|BBB-/Stable/--||Chinese electronic hardware and internet service provider.||No direct exposure||No|
Hangzhou Hikvision Digital Technology Co. Ltd.
For now, we do not foresee significant rating strain for the company. While the firm relies on chips from HiSilicon Technologies Co. Ltd. (Huawei's integrated circuit design arm) to make its video surveillance products, there are alternative local solutions. Moreover, Hikvision has been building its raw material inventory since the second half of 2019. We believe its inventory levels should be sufficient for at least six months after the restrictions are in place, buying the company some time to manage supplier transitions.
Our base case forecast is for Hikvision's revenue to stay flat in 2020, as declines in sales to government organizations and small and midsized business are offset by revenue from enterprises. Profitability will fall given increasing investments in research and development, especially incremental costs for component substitutions. As a result, EBITDA margins could squeeze to 21%-22% in 2020 from about 25% in 2019. We forecast the free operating cash flows of Chinese renminbi (RMB) 3 billion to RMB3.5 billion for this year, though discretionary cash outflow will likely be RMB3 billion- RMB3.5 billion, on the assumption it pays out about RMB6.5 billion in dividends.
We believe the rating has some buffer even given a worst-case scenario of a 25% revenue decline followed by a recovery, once the company finds supply alternatives. This assumes the absence of revenue from U.S. and Western Europe and for high-end products that may require critical components from HiSilicon or other U.S. suppliers. In this scenario, we estimate that the company's cash flow from operations could reach an outflow of RMB1.0 billion–RMB1.5 billion over the next 12 months. This includes another RMB6.6 billion of working capital outflows for inventory, similar to in 2019. Even in such a scenario, the company should still have plenty of headroom given its net cash position of about RMB12.7 billion as of June 30, 2020, even if the company continues to pay dividends of RMB6.5 billion per annum.
Hon Hai Precision Industry Co. Ltd.
We do not foresee any immediate rating hit for the Taiwan-based electronics manufacturer, despite dimmer business prospects if Apple Inc. and Huawei, two of its major customers, experience significant business headwinds simultaneously. We estimate that revenues and EBITDA from Huawei accounted for only a single-digit percentage of Hon Hai's total, and the dispute won't likely cause a material deterioration in Apple's global iPhone sales from our baseline assumptions.
In addition, Hon Hai has maintained a net cash position and working capital inflows from slowing revenue will likely support a strong free operating cash flow and a sound balance sheet, despite materially weaker EBITDA in 2020. Apple accounts for about half of Hon Hai's revenue.
Tightened restrictions may add to Hon Hai's COVID-19-related operational strains, hindering its recovery over the next 12 months. Global disruptions stemming from the pandemic have contributed to a 6.7% drop in Hon Hai's revenue (year on year) in the first half of 2020. Its recovery remains shaky as the pandemic effects play out.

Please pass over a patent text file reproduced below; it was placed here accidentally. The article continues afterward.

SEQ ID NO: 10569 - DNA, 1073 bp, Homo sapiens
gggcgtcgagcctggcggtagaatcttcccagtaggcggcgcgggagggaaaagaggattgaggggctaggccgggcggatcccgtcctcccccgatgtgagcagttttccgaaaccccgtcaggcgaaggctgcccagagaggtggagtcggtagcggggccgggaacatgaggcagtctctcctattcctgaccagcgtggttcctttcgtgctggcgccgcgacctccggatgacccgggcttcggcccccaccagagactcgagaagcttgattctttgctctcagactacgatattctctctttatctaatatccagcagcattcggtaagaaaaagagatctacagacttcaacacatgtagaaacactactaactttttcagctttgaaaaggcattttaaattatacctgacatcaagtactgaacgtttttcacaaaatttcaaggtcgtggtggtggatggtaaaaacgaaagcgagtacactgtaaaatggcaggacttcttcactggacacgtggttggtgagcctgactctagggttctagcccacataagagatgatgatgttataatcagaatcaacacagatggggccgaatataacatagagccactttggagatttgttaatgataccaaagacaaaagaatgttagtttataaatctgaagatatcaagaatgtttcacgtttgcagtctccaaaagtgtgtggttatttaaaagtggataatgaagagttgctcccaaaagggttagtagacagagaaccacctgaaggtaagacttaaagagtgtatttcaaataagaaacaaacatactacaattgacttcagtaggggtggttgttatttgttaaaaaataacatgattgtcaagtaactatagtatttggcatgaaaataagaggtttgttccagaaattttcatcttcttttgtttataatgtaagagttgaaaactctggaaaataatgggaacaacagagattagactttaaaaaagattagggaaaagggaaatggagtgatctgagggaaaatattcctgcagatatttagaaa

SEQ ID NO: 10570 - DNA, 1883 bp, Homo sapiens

Samsung Electronics Co. Ltd.
Restrictions on Huawei will likely have a mixed effect on Samsung. Samsung competes with Huawei in the smartphone and network equipment markets. Additional restrictive measures imposed by the U.S. on Huawei and the ban on its 5G network equipment by several other countries can benefit Samsung. The latter can use the opportunity to substantially strengthen its telecom network equipment market position over the next two to three years. Additionally, Huawei's loss of its Android license, and the new restrictions on sourcing chips from foreign manufacturers could help Samsung, particularly if Huawei loses out on sales of 5G smartphones in developed markets.
However, Huawei is also a major buyer of Samsung smartphone components, including memory semiconductors, display panels, and camera modules. Lower Huawei handset sales could weaken demand for these components, and Samsung may find it difficult to fully replace the lost revenue with sales to other customers, at least in the near term.
SK Hynix Inc.
Hynix will likely perform well in 2020 despite its heavy exposure to USDC Entity List companies such as Huawei. This is mainly attributable to strong demand for server DRAM and solid-state drives amid rising investment in data centers. Hynix's memory chip operations are also not subject to U.S. restrictions.
Weaker demand for smartphones amid a global COVID-induced recession may weigh on the firm's mobile DRAM segment. Nonetheless, the company's robust market position in the oligopolistic global memory chip market should let it keep its financial metrics at a level commensurate with the current rating, in our view.
Semiconductor Manufacturing International Corp.
We estimate that companies on the USDC Entity List directly and indirectly contribute about 15%-20% of SMIC's revenue. Should the latest U.S. restrictions affect SMIC, its revenue will likely grow 16%-20% in 2020, but to be about flat in 2021. Strong domestic demand--driven by favorable government policies, and domestic companies looking to reduce reliance on U.S. suppliers--will likely offset some of the revenue loss.
As tension between the U.S. and China continues to rise, the Chinese government will likely provide administrative and business-related policies promoting the purchase of domestic products and technologies supporting demand growth for SMIC's manufacturing services. This should result in higher capacity utilization for its advanced node processes, such as its 14 nanometer process node, which entered mass production in the fourth quarter of 2019.